Updated: Apr 4
This is probably the most frequently asked question I get from people seeking counseling. Finding a therapist who is suitable to support your specific needs is usually not an easy task. The decision is based on many factors, which of course include qualifications and methods used, and availability.
But, depending on your current situation and needs, you may also want to consider such aspects like their age, personality, and background!
The IMHPJ website is very clear about counselors' qualifications, skills, and approaches. Some counselors have a specific approach (for example, CBT, Gestalt Therapy or Positive Psychology) while others focus on certain groups (for example, children, couples or the LGBT community). There is a wide range of professionals available, so find one that you think would suit your needs.
Lastly, there should never be any pressure to sign-up for counseling, nor should you feel uncomfortable terminating any counseling relationship. This should be done without fear or guilt. I don't know of any counselor connected to IMHPJ that would make a client feel otherwise. In that sense, and in my opinion, a person isn't making a "bad" investment by seeking mental health support, even if after a couple of sessions you decide counseling (or that specific therapist) isn't right for you. Overall, if the process leads to a better understanding of yourself, then it's worth the time.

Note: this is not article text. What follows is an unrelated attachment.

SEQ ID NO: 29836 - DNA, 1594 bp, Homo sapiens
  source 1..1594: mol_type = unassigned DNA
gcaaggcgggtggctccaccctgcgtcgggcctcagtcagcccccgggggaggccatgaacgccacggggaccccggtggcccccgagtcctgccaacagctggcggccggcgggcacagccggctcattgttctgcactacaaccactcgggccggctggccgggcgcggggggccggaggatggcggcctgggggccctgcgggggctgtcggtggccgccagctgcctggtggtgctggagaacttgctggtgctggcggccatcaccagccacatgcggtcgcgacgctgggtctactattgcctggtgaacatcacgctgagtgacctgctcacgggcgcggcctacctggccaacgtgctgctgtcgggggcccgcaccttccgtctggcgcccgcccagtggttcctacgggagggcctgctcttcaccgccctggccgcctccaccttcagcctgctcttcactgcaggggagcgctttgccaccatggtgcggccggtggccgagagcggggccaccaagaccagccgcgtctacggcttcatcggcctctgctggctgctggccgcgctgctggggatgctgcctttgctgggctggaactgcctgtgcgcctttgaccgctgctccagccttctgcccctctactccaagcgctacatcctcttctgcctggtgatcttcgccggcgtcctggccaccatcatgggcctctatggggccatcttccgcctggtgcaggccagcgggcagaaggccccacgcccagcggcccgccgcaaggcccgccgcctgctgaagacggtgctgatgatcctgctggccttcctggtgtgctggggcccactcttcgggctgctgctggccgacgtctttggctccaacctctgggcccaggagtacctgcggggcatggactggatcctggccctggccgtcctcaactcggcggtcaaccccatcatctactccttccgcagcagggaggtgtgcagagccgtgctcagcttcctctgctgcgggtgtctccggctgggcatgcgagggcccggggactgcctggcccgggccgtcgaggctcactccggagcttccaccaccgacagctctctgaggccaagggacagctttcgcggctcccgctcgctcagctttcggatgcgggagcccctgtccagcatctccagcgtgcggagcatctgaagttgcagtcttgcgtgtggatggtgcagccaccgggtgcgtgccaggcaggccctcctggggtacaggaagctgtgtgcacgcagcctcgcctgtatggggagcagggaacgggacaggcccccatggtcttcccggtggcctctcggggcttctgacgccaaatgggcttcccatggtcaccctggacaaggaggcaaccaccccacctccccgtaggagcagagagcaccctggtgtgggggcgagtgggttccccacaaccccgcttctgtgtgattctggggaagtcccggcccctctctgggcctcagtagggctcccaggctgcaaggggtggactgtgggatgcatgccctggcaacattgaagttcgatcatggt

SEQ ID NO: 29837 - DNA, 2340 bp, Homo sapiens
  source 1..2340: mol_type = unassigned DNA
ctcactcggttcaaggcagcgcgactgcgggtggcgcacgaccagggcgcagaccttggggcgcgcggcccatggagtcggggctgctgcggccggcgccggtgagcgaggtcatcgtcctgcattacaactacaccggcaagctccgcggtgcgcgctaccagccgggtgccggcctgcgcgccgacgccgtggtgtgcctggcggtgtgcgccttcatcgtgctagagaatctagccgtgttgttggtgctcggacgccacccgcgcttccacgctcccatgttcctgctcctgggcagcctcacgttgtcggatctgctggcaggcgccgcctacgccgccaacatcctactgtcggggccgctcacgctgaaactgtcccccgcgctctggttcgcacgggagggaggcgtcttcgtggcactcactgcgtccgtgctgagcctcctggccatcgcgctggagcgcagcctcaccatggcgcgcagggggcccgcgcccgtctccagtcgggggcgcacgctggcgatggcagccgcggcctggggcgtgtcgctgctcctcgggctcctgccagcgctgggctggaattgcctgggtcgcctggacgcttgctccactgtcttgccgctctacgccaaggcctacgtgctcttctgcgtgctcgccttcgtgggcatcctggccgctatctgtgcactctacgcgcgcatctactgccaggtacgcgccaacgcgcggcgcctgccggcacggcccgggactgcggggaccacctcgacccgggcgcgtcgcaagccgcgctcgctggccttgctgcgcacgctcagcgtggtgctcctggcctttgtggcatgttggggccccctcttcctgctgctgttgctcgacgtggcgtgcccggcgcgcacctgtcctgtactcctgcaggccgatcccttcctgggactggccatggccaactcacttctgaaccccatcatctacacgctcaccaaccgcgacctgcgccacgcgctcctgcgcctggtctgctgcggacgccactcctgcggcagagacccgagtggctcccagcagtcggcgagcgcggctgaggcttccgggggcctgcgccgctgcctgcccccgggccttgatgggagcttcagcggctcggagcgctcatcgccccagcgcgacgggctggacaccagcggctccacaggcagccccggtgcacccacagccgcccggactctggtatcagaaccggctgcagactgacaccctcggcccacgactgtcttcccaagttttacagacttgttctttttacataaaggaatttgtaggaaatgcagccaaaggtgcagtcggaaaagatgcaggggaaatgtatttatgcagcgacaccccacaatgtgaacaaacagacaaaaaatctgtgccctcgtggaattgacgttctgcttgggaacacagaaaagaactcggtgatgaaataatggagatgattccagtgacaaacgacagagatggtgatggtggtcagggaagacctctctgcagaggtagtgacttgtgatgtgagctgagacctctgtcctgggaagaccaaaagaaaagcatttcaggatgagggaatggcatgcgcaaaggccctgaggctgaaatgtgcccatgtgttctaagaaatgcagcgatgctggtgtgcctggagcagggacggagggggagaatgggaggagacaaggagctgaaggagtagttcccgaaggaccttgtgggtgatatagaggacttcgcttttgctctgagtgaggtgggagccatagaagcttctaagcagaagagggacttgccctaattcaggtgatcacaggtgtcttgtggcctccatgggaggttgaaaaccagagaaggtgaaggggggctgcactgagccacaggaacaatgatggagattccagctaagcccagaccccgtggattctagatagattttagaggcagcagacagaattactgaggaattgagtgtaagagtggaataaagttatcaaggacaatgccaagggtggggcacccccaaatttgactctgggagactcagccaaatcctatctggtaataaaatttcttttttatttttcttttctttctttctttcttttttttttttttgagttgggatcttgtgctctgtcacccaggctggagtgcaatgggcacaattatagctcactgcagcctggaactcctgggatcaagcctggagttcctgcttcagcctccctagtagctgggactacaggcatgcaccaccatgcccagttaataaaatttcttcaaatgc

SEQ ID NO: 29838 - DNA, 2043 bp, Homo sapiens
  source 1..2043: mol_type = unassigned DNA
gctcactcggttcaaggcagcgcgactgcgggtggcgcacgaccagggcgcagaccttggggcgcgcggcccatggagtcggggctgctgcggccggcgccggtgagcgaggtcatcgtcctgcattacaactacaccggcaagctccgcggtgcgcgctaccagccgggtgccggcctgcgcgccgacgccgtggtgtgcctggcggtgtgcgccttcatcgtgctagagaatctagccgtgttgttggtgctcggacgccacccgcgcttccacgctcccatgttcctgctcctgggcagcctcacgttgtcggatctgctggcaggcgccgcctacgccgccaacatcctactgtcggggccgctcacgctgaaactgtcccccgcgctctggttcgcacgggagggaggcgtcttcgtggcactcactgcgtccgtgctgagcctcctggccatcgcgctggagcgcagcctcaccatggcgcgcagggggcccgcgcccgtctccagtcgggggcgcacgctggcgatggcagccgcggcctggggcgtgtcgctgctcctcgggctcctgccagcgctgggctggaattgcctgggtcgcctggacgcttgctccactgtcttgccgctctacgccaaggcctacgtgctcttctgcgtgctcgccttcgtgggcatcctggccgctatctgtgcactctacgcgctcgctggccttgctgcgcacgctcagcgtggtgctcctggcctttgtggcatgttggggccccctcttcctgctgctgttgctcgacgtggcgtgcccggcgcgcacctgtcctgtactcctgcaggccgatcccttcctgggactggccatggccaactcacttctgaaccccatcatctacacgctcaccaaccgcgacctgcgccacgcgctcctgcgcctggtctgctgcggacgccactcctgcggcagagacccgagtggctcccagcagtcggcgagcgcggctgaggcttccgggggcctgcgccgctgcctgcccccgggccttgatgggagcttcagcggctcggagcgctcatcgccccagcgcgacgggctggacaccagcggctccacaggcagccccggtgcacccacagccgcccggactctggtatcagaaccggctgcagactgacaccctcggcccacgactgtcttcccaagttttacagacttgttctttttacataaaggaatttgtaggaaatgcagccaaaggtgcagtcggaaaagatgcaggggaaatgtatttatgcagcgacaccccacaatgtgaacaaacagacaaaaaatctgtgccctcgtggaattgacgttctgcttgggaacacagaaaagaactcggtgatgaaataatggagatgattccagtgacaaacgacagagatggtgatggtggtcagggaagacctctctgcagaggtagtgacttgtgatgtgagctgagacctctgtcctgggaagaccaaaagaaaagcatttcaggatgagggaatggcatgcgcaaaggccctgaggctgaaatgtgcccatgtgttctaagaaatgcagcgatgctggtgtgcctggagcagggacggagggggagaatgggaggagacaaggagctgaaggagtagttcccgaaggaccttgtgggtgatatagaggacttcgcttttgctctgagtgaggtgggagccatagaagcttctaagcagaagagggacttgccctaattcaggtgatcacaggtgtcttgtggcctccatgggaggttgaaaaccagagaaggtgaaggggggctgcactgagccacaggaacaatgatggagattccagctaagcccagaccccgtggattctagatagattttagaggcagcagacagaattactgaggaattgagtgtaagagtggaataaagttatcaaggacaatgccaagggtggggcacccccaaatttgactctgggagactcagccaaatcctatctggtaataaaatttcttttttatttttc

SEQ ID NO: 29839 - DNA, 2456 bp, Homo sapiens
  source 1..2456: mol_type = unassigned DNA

For those considering therapy, I would recommend browsing the IMHPJ website, and finding a few therapists you think might be a good fit. Make a chart of their approaches, availability, and any other aspect that you feel is important to you. There is nothing wrong with wanting a counselor who is young or old--it is your personal choice. Do a quick web search to learn more about their approaches, and contact the ones you think might be able to help. All of them should offer to have a brief chat with you to introduce themselves and learn a bit more about you, free of charge.
Please also remember that a therapist might not feel like you are a good fit for their style and approach. Like any relationship, the road goes both ways.
Lastly, don't worry about sharing your information with a therapist, and then deciding not to use them. Everything is confidential, so you don't have to worry about your business being "out there."
I hope this information is helpful. If I can be of further assistance, please let me know. If I'm not a good fit for you, I may be able to recommend someone who could be.